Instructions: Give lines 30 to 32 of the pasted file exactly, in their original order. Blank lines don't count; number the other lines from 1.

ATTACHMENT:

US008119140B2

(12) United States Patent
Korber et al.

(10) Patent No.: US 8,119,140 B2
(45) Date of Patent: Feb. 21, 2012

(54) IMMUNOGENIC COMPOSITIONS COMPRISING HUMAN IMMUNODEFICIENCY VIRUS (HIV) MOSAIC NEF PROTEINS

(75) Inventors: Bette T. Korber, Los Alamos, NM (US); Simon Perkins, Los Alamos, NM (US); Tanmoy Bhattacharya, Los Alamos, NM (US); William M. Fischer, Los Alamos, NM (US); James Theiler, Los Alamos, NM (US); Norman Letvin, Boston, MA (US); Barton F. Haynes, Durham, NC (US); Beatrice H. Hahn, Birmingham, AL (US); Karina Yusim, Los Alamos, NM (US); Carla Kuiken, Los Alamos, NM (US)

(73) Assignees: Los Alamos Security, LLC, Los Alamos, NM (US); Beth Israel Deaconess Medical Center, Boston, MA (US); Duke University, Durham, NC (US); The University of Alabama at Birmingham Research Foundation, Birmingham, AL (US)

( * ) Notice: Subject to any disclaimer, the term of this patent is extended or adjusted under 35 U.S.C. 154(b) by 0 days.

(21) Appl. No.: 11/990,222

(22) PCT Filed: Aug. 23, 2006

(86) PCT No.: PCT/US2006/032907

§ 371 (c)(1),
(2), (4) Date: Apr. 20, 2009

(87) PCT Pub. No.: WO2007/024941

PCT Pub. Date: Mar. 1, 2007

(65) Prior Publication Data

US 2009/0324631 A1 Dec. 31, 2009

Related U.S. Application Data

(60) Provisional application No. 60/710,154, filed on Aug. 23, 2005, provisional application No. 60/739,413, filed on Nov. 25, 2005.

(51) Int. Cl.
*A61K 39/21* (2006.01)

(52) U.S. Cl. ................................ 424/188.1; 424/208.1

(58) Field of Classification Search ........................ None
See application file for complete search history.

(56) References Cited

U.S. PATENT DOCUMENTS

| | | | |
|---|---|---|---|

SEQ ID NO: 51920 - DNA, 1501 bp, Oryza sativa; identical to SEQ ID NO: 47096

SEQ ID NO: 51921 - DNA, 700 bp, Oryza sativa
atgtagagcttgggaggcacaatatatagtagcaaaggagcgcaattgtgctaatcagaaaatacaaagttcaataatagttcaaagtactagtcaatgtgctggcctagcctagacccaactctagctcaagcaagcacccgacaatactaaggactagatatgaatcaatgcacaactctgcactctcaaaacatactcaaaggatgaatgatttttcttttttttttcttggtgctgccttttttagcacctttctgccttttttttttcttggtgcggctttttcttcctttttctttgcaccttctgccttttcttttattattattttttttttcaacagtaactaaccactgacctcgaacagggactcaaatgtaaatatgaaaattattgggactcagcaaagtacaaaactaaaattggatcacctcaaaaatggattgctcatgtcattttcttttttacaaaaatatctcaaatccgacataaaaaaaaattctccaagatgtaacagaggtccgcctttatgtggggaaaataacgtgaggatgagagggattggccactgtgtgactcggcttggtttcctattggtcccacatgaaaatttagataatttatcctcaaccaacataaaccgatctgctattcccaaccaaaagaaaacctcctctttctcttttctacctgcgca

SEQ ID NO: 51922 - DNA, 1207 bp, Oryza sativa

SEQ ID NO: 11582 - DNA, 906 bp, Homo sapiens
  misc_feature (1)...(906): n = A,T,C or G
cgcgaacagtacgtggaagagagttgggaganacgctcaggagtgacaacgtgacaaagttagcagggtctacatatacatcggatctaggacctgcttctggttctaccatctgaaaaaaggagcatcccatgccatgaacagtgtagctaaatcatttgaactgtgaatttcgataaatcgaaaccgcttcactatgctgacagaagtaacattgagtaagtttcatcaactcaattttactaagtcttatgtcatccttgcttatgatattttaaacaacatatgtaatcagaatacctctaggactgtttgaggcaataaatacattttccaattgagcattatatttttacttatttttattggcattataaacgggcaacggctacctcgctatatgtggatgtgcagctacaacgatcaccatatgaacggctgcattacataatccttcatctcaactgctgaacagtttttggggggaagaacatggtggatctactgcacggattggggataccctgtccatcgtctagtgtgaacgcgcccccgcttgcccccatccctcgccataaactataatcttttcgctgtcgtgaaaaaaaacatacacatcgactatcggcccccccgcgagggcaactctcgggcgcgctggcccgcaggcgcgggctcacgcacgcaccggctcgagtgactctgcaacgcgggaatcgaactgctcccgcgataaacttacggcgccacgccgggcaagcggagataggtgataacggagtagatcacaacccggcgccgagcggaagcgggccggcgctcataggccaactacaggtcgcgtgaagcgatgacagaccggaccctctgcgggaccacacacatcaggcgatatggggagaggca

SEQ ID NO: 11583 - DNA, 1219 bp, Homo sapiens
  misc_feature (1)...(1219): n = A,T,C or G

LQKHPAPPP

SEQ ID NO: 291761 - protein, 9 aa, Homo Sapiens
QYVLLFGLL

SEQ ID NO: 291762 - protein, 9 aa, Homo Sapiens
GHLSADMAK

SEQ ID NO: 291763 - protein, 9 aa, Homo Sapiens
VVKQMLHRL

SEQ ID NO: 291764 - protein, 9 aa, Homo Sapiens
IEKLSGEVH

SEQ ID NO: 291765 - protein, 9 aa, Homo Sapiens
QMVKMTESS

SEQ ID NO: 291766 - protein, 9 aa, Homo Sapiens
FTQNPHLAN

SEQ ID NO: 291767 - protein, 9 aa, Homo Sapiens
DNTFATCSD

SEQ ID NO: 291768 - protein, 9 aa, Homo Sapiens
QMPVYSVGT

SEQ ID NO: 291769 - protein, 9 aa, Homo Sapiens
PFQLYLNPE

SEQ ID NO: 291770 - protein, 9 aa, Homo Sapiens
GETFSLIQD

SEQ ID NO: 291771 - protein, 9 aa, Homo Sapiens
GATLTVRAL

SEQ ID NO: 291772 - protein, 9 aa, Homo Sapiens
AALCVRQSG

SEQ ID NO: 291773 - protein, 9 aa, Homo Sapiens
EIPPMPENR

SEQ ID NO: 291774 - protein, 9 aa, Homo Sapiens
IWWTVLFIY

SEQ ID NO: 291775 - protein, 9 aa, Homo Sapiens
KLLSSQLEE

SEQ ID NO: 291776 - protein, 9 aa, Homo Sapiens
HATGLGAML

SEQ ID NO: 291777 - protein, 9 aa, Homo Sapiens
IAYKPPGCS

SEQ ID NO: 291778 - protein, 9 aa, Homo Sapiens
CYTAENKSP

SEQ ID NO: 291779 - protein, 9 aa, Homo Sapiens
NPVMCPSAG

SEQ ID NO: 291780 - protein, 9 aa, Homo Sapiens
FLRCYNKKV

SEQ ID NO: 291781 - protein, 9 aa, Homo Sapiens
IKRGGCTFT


SEQ ID NO: 51920 - DNA, 1501 bp, Oryza sativa; identical to SEQ ID NO: 47096

SEQ ID NO: 51921 - DNA, 700 bp, Oryza sativa
atgtagagcttgggaggcacaatatatagtagcaaaggagcgcaattgtgctaatcagaaaatacaaagttcaataatagttcaaagtactagtcaatgtgctggcctagcctagacccaactctagctcaagcaagcacccgacaatactaaggactagatatgaatcaatgcacaactctgcactctcaaaacatactcaaaggatgaatgatttttcttttttttttcttggtgctgccttttttagcacctttctgccttttttttttcttggtgcggctttttcttcctttttctttgcaccttctgccttttcttttattattattttttttttcaacagtaactaaccactgacctcgaacagggactcaaatgtaaatatgaaaattattgggactcagcaaagtacaaaactaaaattggatcacctcaaaaatggattgctcatgtcattttcttttttacaaaaatatctcaaatccgacataaaaaaaaattctccaagatgtaacagaggtccgcctttatgtggggaaaataacgtgaggatgagagggattggccactgtgtgactcggcttggtttcctattggtcccacatgaaaatttagataatttatcctcaaccaacataaaccgatctgctattcccaaccaaaagaaaacctcctctttctcttttctacctgcgca